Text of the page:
But alas there is the conflicting practical aspect to all of this. In normal times, forcing the Big Three to file for Chapter 11 bankruptcy instead of getting bailed out makes sense. But these are far from normal times. We have an economy that is in the worst shape since The Great Depression of the 1930s. While Chapter 11 bankruptcy is seen as strong medicine for these ailing companies, the cure during this weakened economy may prove to be a fatal blow to these companies leading to Chapter 7 bankruptcies which most people agree would be a disaster for the US. Among other things, pensions and health insurance from these companies may be lost. Can we afford to take a chance of this happening?
There are a couple of other arguments against forcing the Big Three to resort to bankruptcy. One is that credit even for financially strong companies is still tight. For companies in bankruptcy, adequate lines of credit may prove to be impossible to obtain. The other argument is that car shoppers may be reluctant to buy from a company who they fear may go out of business.
Automotive News, an auto industry publication makes their case in an editorial titled The Cost of GM’s Death.
Even if GM could get debtor-in-possession financing to keep the lights on (which it can’t), Chapter 11 means a collapse of sales and a spiral into a Chapter 7 liquidation.
GM’s 100,000 American jobs will die. Health care for a million Americans will be lost or at risk. Hundreds of GM’s 1,300 suppliers will die. Their collapse could take down Ford Motor Co. and Chrysler LLC, perhaps even North American transplants. Dealers in every county of America will close.
The government will face greater unemployment, more Americans without health insurance and greater pension liabilities.
Criticize Detroit 3 executives all you want. But the issue today is not whether GM should have closed Buick years ago, been tougher with the UAW or supported higher fuel economy standards.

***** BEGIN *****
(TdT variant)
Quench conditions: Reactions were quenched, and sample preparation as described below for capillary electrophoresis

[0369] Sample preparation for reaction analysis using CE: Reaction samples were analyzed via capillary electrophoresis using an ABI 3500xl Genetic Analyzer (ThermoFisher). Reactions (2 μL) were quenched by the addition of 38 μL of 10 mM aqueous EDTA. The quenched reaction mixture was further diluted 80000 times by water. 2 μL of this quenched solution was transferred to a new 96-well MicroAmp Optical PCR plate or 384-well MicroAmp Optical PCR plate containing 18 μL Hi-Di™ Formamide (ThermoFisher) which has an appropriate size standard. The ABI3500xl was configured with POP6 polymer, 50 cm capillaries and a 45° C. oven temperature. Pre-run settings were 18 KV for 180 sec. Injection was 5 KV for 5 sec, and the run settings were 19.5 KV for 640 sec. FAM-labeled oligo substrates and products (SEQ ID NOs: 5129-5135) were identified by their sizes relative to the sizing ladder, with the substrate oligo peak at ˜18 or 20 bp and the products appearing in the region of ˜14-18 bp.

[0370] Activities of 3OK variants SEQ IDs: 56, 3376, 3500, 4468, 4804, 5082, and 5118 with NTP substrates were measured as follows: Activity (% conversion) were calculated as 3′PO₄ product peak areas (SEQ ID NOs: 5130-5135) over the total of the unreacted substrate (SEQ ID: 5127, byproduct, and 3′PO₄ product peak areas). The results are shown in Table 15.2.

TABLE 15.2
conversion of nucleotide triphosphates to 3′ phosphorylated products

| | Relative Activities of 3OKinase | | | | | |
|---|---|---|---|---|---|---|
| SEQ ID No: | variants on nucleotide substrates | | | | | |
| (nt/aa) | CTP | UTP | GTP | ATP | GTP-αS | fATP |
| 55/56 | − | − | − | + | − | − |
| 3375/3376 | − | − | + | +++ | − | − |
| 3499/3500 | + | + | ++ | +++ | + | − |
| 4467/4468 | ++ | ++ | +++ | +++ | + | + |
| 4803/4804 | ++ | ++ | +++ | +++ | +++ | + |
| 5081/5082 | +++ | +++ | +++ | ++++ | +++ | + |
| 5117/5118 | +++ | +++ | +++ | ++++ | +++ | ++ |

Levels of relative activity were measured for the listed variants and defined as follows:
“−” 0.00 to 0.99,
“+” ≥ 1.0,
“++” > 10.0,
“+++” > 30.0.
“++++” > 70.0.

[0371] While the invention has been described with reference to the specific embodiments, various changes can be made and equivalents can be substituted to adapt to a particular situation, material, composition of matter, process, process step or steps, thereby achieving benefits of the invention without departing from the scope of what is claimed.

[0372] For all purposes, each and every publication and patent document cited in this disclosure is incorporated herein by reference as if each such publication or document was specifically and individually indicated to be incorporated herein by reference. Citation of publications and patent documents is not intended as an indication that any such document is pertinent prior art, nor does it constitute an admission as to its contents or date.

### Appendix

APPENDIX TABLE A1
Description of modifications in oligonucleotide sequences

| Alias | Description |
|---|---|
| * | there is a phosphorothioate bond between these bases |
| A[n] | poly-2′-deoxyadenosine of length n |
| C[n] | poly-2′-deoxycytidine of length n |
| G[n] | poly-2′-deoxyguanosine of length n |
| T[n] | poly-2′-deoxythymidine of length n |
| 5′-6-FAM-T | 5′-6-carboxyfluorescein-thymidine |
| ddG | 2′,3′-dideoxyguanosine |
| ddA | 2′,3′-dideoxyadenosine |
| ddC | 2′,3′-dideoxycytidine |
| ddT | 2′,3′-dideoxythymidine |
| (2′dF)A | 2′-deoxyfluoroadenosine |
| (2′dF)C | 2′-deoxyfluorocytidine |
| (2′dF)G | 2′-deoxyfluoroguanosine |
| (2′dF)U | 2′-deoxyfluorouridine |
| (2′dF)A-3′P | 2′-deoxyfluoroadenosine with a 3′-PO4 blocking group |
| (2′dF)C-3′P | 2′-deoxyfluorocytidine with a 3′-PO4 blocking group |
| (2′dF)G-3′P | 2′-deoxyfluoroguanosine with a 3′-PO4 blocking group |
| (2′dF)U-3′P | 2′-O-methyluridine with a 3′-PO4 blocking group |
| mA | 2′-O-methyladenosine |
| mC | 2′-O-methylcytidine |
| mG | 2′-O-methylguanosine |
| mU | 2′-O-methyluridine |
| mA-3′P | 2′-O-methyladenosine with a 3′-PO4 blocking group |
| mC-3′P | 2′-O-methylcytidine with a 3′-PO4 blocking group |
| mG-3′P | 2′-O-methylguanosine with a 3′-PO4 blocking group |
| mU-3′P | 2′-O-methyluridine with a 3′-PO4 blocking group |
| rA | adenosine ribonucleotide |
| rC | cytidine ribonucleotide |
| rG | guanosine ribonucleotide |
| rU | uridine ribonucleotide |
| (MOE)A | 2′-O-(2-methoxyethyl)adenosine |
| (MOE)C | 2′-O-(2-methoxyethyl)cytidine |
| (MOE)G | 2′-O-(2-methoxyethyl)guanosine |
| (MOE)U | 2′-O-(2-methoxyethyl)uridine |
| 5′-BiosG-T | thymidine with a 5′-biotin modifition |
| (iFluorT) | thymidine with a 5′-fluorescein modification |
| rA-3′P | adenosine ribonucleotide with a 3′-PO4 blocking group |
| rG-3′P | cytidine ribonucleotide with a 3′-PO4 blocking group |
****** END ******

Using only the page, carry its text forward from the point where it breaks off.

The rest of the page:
In the next two to four months, GM will run out of cash and turn out the lights. Only government money can prevent that. Every other alternative is fantasy.
As a condition of the government loan, it is reasonable to first require the management of the Big Three to offer a viable plan (perhaps involving some company reorganization) to show how they can turn their fortunes around and compete with the Toyotas and Hondas.
I would like to conclude with an excerpt from Bob Herbert’s NYT op-ed article 'Drop Dead' Is Not an Option:
It’s easy to demonize the American auto industry. It has behaved with the foresight of a crack addict for years. But even when people set their own houses on fire, we still dial 9-1-1, hoping to save lives, salvage what we can and protect the rest of the neighborhood.
This whole matter needs some intensive thought. At the moment, Washington has tremendous leverage over the failing auto industry. The government should craft a rescue plan that is both tough and very, very smart. That means dragging the industry (kicking and screaming, no doubt) into the 21st century by insisting on ironclad commitments to design and develop vehicles that make sense economically and that serve the nation’s long-term energy security requirements.
What I would like to see is creative thinking on both ends of the bargain. Let the smartest minds design a bailout that sparks a creative revolution in the industry.